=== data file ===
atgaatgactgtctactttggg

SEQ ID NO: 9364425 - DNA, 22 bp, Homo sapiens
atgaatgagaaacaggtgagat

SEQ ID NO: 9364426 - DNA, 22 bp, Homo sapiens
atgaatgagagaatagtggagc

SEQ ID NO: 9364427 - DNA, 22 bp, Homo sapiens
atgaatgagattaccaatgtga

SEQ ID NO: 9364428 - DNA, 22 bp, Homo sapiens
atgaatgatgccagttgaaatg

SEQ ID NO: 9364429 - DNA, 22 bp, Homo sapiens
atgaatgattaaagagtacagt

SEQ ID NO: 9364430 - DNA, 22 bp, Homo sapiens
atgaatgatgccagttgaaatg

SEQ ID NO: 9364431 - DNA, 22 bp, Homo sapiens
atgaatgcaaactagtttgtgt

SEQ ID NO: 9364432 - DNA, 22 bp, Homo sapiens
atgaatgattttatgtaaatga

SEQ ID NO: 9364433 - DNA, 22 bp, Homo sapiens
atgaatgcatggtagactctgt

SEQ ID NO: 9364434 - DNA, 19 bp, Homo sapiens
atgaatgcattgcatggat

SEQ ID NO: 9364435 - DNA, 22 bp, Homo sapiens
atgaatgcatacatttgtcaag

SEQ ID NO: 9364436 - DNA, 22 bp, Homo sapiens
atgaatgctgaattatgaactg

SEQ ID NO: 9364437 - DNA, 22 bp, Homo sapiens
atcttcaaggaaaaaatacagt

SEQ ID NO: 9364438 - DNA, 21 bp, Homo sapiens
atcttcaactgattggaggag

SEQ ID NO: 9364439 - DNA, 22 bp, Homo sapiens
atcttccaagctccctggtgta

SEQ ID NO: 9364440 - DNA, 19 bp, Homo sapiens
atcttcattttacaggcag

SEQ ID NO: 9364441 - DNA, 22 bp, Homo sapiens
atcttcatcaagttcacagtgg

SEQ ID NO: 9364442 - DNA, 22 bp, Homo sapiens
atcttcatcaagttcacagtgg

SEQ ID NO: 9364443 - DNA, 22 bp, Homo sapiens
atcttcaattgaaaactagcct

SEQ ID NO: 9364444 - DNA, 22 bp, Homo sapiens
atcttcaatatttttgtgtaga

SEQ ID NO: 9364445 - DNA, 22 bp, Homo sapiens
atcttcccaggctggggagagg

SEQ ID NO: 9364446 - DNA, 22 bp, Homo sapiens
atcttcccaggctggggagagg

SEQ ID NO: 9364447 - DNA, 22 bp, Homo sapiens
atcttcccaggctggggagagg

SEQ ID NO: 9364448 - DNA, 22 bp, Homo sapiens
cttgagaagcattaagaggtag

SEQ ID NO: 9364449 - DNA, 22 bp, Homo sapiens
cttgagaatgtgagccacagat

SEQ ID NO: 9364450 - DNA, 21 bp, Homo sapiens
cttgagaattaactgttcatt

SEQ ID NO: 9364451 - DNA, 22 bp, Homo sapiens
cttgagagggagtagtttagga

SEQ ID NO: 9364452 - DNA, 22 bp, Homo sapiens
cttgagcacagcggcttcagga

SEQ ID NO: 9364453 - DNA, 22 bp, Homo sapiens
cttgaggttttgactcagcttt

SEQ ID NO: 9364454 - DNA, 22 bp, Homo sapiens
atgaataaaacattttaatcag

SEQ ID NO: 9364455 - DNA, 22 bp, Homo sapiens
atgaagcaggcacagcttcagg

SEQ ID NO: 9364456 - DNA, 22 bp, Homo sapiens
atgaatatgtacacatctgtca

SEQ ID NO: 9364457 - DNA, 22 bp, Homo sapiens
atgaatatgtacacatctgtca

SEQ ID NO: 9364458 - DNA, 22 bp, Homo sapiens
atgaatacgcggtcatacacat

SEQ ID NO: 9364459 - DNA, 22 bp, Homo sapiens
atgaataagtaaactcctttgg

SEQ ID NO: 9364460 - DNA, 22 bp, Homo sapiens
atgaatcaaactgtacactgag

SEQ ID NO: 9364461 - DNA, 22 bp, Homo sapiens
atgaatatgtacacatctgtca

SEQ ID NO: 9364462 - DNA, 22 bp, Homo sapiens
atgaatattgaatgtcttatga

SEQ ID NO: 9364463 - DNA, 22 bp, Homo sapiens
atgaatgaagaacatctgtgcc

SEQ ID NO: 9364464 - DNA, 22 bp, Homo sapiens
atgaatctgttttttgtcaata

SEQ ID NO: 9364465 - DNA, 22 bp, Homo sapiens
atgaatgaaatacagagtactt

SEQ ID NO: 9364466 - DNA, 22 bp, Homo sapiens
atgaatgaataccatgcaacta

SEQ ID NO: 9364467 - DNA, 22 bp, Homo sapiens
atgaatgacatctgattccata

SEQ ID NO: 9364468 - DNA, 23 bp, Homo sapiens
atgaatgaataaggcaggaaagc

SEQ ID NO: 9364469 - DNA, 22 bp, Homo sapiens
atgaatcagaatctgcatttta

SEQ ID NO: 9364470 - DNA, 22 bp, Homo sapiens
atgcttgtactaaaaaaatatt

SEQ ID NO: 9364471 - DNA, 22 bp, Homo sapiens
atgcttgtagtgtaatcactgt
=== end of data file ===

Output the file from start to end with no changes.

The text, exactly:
atgaatgactgtctactttggg

SEQ ID NO: 9364425 - DNA, 22 bp, Homo sapiens
atgaatgagaaacaggtgagat

SEQ ID NO: 9364426 - DNA, 22 bp, Homo sapiens
atgaatgagagaatagtggagc

SEQ ID NO: 9364427 - DNA, 22 bp, Homo sapiens
atgaatgagattaccaatgtga

SEQ ID NO: 9364428 - DNA, 22 bp, Homo sapiens
atgaatgatgccagttgaaatg

SEQ ID NO: 9364429 - DNA, 22 bp, Homo sapiens
atgaatgattaaagagtacagt

SEQ ID NO: 9364430 - DNA, 22 bp, Homo sapiens
atgaatgatgccagttgaaatg

SEQ ID NO: 9364431 - DNA, 22 bp, Homo sapiens
atgaatgcaaactagtttgtgt

SEQ ID NO: 9364432 - DNA, 22 bp, Homo sapiens
atgaatgattttatgtaaatga

SEQ ID NO: 9364433 - DNA, 22 bp, Homo sapiens
atgaatgcatggtagactctgt

SEQ ID NO: 9364434 - DNA, 19 bp, Homo sapiens
atgaatgcattgcatggat

SEQ ID NO: 9364435 - DNA, 22 bp, Homo sapiens
atgaatgcatacatttgtcaag

SEQ ID NO: 9364436 - DNA, 22 bp, Homo sapiens
atgaatgctgaattatgaactg

SEQ ID NO: 9364437 - DNA, 22 bp, Homo sapiens
atcttcaaggaaaaaatacagt

SEQ ID NO: 9364438 - DNA, 21 bp, Homo sapiens
atcttcaactgattggaggag

SEQ ID NO: 9364439 - DNA, 22 bp, Homo sapiens
atcttccaagctccctggtgta

SEQ ID NO: 9364440 - DNA, 19 bp, Homo sapiens
atcttcattttacaggcag

SEQ ID NO: 9364441 - DNA, 22 bp, Homo sapiens
atcttcatcaagttcacagtgg

SEQ ID NO: 9364442 - DNA, 22 bp, Homo sapiens
atcttcatcaagttcacagtgg

SEQ ID NO: 9364443 - DNA, 22 bp, Homo sapiens
atcttcaattgaaaactagcct

SEQ ID NO: 9364444 - DNA, 22 bp, Homo sapiens
atcttcaatatttttgtgtaga

SEQ ID NO: 9364445 - DNA, 22 bp, Homo sapiens
atcttcccaggctggggagagg

SEQ ID NO: 9364446 - DNA, 22 bp, Homo sapiens
atcttcccaggctggggagagg

SEQ ID NO: 9364447 - DNA, 22 bp, Homo sapiens
atcttcccaggctggggagagg

SEQ ID NO: 9364448 - DNA, 22 bp, Homo sapiens
cttgagaagcattaagaggtag

SEQ ID NO: 9364449 - DNA, 22 bp, Homo sapiens
cttgagaatgtgagccacagat

SEQ ID NO: 9364450 - DNA, 21 bp, Homo sapiens
cttgagaattaactgttcatt

SEQ ID NO: 9364451 - DNA, 22 bp, Homo sapiens
cttgagagggagtagtttagga

SEQ ID NO: 9364452 - DNA, 22 bp, Homo sapiens
cttgagcacagcggcttcagga

SEQ ID NO: 9364453 - DNA, 22 bp, Homo sapiens
cttgaggttttgactcagcttt

SEQ ID NO: 9364454 - DNA, 22 bp, Homo sapiens
atgaataaaacattttaatcag

SEQ ID NO: 9364455 - DNA, 22 bp, Homo sapiens
atgaagcaggcacagcttcagg

SEQ ID NO: 9364456 - DNA, 22 bp, Homo sapiens
atgaatatgtacacatctgtca

SEQ ID NO: 9364457 - DNA, 22 bp, Homo sapiens
atgaatatgtacacatctgtca

SEQ ID NO: 9364458 - DNA, 22 bp, Homo sapiens
atgaatacgcggtcatacacat

SEQ ID NO: 9364459 - DNA, 22 bp, Homo sapiens
atgaataagtaaactcctttgg

SEQ ID NO: 9364460 - DNA, 22 bp, Homo sapiens
atgaatcaaactgtacactgag

SEQ ID NO: 9364461 - DNA, 22 bp, Homo sapiens
atgaatatgtacacatctgtca

SEQ ID NO: 9364462 - DNA, 22 bp, Homo sapiens
atgaatattgaatgtcttatga

SEQ ID NO: 9364463 - DNA, 22 bp, Homo sapiens
atgaatgaagaacatctgtgcc

SEQ ID NO: 9364464 - DNA, 22 bp, Homo sapiens
atgaatctgttttttgtcaata

SEQ ID NO: 9364465 - DNA, 22 bp, Homo sapiens
atgaatgaaatacagagtactt

SEQ ID NO: 9364466 - DNA, 22 bp, Homo sapiens
atgaatgaataccatgcaacta

SEQ ID NO: 9364467 - DNA, 22 bp, Homo sapiens
atgaatgacatctgattccata

SEQ ID NO: 9364468 - DNA, 23 bp, Homo sapiens
atgaatgaataaggcaggaaagc

SEQ ID NO: 9364469 - DNA, 22 bp, Homo sapiens
atgaatcagaatctgcatttta

SEQ ID NO: 9364470 - DNA, 22 bp, Homo sapiens
atgcttgtactaaaaaaatatt

SEQ ID NO: 9364471 - DNA, 22 bp, Homo sapiens
atgcttgtagtgtaatcactgt